knitr::opts_chunk$set( warning = FALSE, message = FALSE ) options(digits=4) par(mar=c(5,4,1,1)+.1)

The following examples illustrate the steps in finding the inverse of a matrix
using *elementary row operations* (EROs):

- Add a multiple of one row to another (
`rowadd()`

) - Multiply one row by a constant (
`rowmult()`

) - Interchange two rows (
`rowswap()`

)

These have the properties that they do not change the inverse. The method used here
is sometimes called the *Gauss-Jordan* method, a form of *Gaussian elimination*.
Another term is *(row-reduced) echelon form*.

Steps:

- Adjoin the identity matrix to the right side of A, to give the matrix $[A | I]$
- Apply row operations to this matrix until the left ($A$) side is reduced to $I$
- The inverse matrix appears in the right ($I$) side

Why this works: The series of row operations transforms $$ [A | I] \Rightarrow [A^{-1} A | A^{-1} I] = [I | A^{-1}]$$

If the matrix is does not have an inverse (is *singular*) a row of all zeros will appear
in the left ($A$) side.

`matlib`

package```
library(matlib)
```

A <- matrix( c(1, 2, 3, 2, 3, 0, 0, 1,-2), nrow=3, byrow=TRUE)

(AI <- cbind(A, diag(3)))

The right three cols will then contain inv(A). We will do this three ways:

- first, just using R arithmetic on the rows of
`AI`

- using the ERO functions in the
`matlib`

package - using the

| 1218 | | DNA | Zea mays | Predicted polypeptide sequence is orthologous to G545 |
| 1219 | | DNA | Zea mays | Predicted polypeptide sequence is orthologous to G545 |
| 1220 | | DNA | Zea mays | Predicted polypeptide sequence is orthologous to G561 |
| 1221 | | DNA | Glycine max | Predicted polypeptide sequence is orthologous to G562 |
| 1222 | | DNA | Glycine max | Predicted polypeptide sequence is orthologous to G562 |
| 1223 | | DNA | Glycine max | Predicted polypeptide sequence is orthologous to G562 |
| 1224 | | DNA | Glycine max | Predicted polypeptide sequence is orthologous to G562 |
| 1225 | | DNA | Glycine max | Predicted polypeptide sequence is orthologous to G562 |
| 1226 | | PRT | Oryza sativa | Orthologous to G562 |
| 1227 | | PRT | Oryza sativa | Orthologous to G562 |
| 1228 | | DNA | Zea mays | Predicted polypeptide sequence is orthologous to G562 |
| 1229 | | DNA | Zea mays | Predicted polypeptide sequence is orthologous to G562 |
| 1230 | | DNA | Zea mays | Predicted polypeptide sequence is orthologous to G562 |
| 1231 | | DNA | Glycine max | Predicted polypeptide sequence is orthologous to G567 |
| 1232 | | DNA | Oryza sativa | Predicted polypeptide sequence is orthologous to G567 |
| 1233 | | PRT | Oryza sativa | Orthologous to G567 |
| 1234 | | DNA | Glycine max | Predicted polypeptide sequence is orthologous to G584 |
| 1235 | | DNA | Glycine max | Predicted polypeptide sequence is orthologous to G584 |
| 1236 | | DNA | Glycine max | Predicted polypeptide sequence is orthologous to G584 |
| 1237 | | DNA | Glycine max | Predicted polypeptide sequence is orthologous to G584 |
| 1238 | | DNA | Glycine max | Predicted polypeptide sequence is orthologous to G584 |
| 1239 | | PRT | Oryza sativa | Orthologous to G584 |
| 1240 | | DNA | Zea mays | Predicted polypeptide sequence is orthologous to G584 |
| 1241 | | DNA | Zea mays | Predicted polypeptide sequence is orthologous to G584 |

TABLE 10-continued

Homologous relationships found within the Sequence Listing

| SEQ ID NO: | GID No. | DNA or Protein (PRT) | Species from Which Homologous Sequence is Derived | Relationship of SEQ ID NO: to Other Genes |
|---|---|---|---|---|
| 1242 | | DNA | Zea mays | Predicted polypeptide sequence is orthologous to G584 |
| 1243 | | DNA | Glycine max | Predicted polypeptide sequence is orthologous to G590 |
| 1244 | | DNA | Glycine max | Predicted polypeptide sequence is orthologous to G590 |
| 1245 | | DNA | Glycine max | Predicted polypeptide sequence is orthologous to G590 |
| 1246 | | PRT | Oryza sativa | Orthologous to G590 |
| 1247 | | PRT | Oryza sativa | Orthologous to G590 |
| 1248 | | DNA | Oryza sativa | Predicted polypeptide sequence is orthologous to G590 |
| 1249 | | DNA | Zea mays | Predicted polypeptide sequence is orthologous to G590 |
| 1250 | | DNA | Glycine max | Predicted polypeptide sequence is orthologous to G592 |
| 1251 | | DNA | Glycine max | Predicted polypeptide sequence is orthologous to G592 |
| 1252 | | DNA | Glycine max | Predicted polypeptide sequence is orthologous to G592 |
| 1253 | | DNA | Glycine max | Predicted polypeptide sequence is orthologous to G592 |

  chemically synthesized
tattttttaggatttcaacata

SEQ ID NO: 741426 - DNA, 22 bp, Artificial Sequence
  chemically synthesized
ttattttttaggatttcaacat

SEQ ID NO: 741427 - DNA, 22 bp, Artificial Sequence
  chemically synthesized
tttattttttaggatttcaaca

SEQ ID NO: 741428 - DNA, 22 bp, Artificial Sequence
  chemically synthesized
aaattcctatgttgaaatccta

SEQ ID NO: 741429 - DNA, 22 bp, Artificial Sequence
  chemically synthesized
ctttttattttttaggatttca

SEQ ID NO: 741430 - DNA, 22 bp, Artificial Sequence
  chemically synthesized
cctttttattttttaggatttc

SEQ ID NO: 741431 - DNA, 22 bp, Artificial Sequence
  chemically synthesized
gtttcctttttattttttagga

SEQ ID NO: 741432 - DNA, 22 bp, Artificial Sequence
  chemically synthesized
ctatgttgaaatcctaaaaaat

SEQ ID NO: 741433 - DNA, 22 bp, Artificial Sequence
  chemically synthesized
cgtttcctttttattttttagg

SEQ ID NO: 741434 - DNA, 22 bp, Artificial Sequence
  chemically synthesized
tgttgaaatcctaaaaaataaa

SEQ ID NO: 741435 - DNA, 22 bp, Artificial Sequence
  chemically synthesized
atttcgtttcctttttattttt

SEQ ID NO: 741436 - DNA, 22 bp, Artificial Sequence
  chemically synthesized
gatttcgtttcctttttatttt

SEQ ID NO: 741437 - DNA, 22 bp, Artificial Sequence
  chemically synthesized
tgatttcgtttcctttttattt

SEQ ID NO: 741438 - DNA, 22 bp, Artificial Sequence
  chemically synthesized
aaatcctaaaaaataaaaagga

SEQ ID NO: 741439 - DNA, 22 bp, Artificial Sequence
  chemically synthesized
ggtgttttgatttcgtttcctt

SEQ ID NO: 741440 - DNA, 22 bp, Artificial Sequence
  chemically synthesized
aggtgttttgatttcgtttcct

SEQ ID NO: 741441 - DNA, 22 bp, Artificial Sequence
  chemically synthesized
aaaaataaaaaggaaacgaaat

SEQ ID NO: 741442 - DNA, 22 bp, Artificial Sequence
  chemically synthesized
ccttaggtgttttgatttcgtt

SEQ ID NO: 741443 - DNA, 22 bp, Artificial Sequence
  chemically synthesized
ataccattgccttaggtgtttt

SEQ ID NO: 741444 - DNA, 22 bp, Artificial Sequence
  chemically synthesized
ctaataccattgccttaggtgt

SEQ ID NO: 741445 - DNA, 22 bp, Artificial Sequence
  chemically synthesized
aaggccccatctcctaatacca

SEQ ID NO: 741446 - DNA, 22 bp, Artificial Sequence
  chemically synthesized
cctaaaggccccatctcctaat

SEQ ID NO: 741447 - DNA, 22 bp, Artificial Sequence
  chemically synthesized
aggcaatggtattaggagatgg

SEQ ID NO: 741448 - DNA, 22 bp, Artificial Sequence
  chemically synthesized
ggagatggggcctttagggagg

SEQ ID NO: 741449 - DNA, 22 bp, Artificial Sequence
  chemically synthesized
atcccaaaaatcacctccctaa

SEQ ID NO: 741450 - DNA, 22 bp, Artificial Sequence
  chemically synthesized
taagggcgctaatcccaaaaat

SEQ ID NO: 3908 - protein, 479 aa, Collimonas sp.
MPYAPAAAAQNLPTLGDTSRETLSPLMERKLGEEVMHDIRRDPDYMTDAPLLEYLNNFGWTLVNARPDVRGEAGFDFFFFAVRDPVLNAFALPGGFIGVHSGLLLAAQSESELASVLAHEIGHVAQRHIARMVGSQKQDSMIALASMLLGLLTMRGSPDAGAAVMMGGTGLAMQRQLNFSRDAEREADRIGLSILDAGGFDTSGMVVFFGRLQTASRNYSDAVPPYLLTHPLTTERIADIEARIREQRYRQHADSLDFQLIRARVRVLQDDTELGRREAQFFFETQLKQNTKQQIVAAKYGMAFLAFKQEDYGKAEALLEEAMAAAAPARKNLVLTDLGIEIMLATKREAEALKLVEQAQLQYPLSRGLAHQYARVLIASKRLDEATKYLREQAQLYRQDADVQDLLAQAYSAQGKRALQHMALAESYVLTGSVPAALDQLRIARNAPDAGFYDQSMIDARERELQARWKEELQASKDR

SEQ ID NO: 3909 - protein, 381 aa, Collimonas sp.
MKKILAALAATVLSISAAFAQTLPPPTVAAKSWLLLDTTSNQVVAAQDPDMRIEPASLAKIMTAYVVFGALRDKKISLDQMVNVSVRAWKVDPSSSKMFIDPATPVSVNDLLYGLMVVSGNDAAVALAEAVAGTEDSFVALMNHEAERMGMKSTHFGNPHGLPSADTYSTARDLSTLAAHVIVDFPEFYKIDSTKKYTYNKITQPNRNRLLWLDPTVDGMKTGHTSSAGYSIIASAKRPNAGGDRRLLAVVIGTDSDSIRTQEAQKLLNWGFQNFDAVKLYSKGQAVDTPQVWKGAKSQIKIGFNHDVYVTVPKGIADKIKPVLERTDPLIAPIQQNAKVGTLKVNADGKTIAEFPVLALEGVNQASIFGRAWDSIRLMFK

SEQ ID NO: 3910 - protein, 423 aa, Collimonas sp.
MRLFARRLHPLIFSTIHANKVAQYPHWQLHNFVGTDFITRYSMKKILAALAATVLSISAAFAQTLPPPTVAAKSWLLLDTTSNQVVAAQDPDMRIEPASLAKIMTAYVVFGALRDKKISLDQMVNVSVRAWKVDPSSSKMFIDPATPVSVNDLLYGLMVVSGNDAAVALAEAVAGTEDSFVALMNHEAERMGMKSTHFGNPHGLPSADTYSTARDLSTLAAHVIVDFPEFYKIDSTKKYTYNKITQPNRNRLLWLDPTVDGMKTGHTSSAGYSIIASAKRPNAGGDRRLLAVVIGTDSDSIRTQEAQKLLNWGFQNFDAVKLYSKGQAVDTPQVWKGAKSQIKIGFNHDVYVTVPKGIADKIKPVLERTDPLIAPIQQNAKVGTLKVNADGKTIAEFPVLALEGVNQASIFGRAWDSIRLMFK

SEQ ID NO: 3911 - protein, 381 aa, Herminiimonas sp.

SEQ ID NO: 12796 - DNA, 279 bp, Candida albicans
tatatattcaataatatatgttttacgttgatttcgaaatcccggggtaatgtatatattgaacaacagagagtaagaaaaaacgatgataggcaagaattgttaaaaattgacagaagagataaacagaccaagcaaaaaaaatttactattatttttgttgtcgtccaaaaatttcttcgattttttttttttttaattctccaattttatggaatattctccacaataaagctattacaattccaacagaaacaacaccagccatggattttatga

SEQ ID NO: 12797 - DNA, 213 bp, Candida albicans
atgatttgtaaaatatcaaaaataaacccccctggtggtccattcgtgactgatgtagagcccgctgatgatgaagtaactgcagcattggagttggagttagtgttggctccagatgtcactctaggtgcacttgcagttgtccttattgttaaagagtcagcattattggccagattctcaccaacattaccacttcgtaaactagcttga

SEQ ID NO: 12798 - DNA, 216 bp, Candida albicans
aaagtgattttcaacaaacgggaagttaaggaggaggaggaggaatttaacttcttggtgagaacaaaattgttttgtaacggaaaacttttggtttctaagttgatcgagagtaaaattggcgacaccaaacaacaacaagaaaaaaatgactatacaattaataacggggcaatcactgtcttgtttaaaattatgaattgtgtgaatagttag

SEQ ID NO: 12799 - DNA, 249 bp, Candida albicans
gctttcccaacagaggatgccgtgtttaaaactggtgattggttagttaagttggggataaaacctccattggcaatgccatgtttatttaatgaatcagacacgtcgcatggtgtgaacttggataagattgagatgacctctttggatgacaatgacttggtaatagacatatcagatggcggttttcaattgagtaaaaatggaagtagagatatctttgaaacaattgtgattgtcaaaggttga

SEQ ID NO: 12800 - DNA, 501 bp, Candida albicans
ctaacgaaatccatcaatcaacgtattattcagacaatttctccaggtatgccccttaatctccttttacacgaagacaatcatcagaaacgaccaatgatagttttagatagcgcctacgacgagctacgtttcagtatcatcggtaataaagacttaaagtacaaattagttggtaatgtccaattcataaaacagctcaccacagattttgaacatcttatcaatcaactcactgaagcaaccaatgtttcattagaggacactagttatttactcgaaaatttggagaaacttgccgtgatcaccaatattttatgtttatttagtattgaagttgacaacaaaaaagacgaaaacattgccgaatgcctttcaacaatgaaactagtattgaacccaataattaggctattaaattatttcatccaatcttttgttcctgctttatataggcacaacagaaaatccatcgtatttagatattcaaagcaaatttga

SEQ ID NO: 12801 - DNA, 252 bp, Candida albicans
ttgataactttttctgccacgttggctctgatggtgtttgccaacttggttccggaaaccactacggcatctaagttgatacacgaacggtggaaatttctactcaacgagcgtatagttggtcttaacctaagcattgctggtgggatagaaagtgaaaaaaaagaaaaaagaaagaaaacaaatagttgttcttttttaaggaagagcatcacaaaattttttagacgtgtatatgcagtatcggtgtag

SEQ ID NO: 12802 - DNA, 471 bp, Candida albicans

`echelon()`

function

(AI[2,] <- AI[2,] - 2*AI[1,]) # row 2 <- row 2 - 2 * row 1 (AI[3,] <- AI[3,] + AI[2,]) # row 3 <- row 3 + row 2 (AI[2,] <- -1 * AI[2,]) # row 2 <- -1 * row 2 (AI[3,] <- -(1/8) * AI[3,]) # row 3 <- -.25 * row 3

Now, all elements below the diagonal are zero

AI #--continue, making above diagonal == 0 AI[2,] <- AI[2,] - 6 * AI[3,] # row 2 <- row 2 - 6 * row 3 AI[1,] <- AI[1,] - 3 * AI[3,] # row 1 <- row 1 - 3 * row 3 AI[1,] <- AI[1,] - 2 * AI[2,] # row 1 <- row 1 - 2 * row 2 AI #-- last three cols are the inverse (AInv <- AI[,-(1:3)]) #-- compare with inv() inv(A)

`rowadd()`

, `rowmult()`

and `rowswap()`

AI <- cbind(A, diag(3)) AI <- rowadd(AI, 1, 2, -2) # row 2 <- row 2 - 2 * row 1 AI <- rowadd(AI, 2, 3, 1) # row 3 <- row 3 + row 2 AI <- rowmult(AI, 2, -1) # row 1 <- -1 * row 2 AI <- rowmult(AI, 3, -1/8) # row 3 <- -.25 * row 3 # show result so far AI #--continue, making above-diagonal == 0 AI <- rowadd(AI, 3, 2, -6) # row 2 <- row 2 - 6 * row 3 AI <- rowadd(AI, 2, 1, -2) # row 1 <- row 1 - 2 * row 2 AI <- rowadd(AI, 3, 1, -3) # row 1 <- row 1 - 3 * row 3 AI

`echelon()`

`echelon()`

does all these steps *row by row*, and returns the result

echelon( cbind(A, diag(3)))

It is more interesting to see the steps, using the argument `verbose=TRUE`

. In
many cases, it is informative to see the numbers printed as fractions.

echelon( cbind(A, diag(3)), verbose=TRUE, fractions=TRUE)

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